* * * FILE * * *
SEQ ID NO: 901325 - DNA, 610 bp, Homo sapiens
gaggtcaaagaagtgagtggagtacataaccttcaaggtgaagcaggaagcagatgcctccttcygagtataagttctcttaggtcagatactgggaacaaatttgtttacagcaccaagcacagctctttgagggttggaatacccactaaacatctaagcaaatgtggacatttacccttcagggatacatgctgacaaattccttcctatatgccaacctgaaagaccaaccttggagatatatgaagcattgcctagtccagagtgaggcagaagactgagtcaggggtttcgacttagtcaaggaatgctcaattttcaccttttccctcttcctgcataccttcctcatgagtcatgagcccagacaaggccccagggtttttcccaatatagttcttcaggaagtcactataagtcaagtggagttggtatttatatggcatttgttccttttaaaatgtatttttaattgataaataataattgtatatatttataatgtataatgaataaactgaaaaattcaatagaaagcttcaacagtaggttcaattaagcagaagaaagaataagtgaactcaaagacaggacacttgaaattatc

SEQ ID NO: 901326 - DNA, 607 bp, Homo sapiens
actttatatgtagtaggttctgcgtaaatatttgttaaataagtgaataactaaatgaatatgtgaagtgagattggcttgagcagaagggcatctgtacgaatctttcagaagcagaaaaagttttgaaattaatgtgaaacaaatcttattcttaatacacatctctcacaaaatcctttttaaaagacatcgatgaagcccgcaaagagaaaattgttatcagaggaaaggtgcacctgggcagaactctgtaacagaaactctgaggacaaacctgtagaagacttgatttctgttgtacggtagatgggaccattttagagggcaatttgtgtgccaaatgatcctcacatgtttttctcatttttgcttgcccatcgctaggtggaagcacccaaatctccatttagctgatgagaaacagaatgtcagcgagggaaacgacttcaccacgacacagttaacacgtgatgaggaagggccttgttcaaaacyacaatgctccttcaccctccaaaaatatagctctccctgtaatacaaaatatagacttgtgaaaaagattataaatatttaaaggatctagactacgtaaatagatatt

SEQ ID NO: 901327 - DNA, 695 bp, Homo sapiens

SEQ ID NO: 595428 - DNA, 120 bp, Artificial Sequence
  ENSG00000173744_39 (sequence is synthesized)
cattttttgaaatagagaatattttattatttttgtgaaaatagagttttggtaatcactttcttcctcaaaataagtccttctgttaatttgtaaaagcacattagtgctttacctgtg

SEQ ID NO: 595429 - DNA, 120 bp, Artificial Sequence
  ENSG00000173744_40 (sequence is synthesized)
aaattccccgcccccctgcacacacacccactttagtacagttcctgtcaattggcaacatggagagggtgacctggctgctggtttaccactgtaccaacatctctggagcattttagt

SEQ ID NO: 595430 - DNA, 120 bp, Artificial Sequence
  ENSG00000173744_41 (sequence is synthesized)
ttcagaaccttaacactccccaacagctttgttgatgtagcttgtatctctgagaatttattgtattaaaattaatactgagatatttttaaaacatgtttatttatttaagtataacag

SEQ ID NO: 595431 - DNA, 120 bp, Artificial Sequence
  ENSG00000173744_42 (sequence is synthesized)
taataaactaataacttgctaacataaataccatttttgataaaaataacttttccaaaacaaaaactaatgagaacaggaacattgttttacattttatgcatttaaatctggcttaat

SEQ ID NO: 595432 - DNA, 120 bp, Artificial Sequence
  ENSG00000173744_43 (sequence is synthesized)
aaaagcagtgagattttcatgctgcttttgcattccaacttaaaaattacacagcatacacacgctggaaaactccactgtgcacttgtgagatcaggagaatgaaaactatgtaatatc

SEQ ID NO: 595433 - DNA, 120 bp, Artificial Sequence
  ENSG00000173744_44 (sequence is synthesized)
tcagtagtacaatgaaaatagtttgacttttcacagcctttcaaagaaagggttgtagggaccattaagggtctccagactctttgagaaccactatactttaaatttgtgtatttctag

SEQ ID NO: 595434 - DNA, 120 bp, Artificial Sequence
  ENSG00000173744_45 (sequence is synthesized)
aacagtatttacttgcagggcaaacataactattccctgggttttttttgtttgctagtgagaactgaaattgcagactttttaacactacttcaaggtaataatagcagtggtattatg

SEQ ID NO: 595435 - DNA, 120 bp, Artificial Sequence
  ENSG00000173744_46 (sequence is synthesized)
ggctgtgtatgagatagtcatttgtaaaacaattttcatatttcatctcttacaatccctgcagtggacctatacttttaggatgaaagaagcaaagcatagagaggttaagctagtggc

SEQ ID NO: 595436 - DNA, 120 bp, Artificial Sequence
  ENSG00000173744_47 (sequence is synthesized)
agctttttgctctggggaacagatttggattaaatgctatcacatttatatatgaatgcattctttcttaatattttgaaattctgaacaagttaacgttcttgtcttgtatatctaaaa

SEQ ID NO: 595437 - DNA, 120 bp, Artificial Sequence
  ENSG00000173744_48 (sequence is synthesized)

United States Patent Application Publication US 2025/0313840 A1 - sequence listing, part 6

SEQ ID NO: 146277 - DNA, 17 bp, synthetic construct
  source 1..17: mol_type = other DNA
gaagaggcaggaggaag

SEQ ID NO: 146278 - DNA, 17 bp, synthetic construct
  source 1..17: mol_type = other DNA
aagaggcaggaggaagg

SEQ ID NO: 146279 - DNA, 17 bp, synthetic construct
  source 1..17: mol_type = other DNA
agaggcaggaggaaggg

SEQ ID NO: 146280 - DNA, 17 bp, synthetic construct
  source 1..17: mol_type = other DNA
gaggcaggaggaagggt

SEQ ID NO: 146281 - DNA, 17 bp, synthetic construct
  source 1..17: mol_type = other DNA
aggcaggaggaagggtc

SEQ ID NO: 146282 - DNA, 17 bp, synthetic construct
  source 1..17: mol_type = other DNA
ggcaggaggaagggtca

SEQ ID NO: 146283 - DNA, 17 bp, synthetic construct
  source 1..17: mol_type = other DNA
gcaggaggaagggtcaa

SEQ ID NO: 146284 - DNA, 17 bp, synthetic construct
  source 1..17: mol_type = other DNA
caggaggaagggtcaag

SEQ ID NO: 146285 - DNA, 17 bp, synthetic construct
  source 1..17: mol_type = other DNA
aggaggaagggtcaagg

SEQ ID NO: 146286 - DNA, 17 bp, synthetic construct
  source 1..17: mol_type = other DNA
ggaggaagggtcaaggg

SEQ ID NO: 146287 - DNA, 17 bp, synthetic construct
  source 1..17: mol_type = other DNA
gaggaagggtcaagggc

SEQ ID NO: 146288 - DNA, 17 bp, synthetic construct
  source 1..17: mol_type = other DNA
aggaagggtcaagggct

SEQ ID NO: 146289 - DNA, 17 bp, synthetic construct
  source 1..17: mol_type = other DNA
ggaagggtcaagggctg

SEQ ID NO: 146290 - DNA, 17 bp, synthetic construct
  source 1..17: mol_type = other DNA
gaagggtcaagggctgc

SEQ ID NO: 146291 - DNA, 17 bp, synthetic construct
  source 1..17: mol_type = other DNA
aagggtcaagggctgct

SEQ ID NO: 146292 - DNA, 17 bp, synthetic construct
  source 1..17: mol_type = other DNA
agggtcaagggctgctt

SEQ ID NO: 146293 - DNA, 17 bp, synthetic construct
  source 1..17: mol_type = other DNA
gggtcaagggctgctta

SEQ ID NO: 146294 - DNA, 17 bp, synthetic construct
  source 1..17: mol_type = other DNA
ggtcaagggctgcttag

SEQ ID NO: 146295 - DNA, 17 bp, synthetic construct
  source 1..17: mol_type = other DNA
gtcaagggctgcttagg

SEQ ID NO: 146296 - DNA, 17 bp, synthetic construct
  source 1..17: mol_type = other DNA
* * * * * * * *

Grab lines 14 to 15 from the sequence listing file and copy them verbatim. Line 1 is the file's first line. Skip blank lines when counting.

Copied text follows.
ttcagaaccttaacactccccaacagctttgttgatgtagcttgtatctctgagaatttattgtattaaaattaatactgagatatttttaaaacatgtttatttatttaagtataacag

SEQ ID NO: 595431 - DNA, 120 bp, Artificial Sequence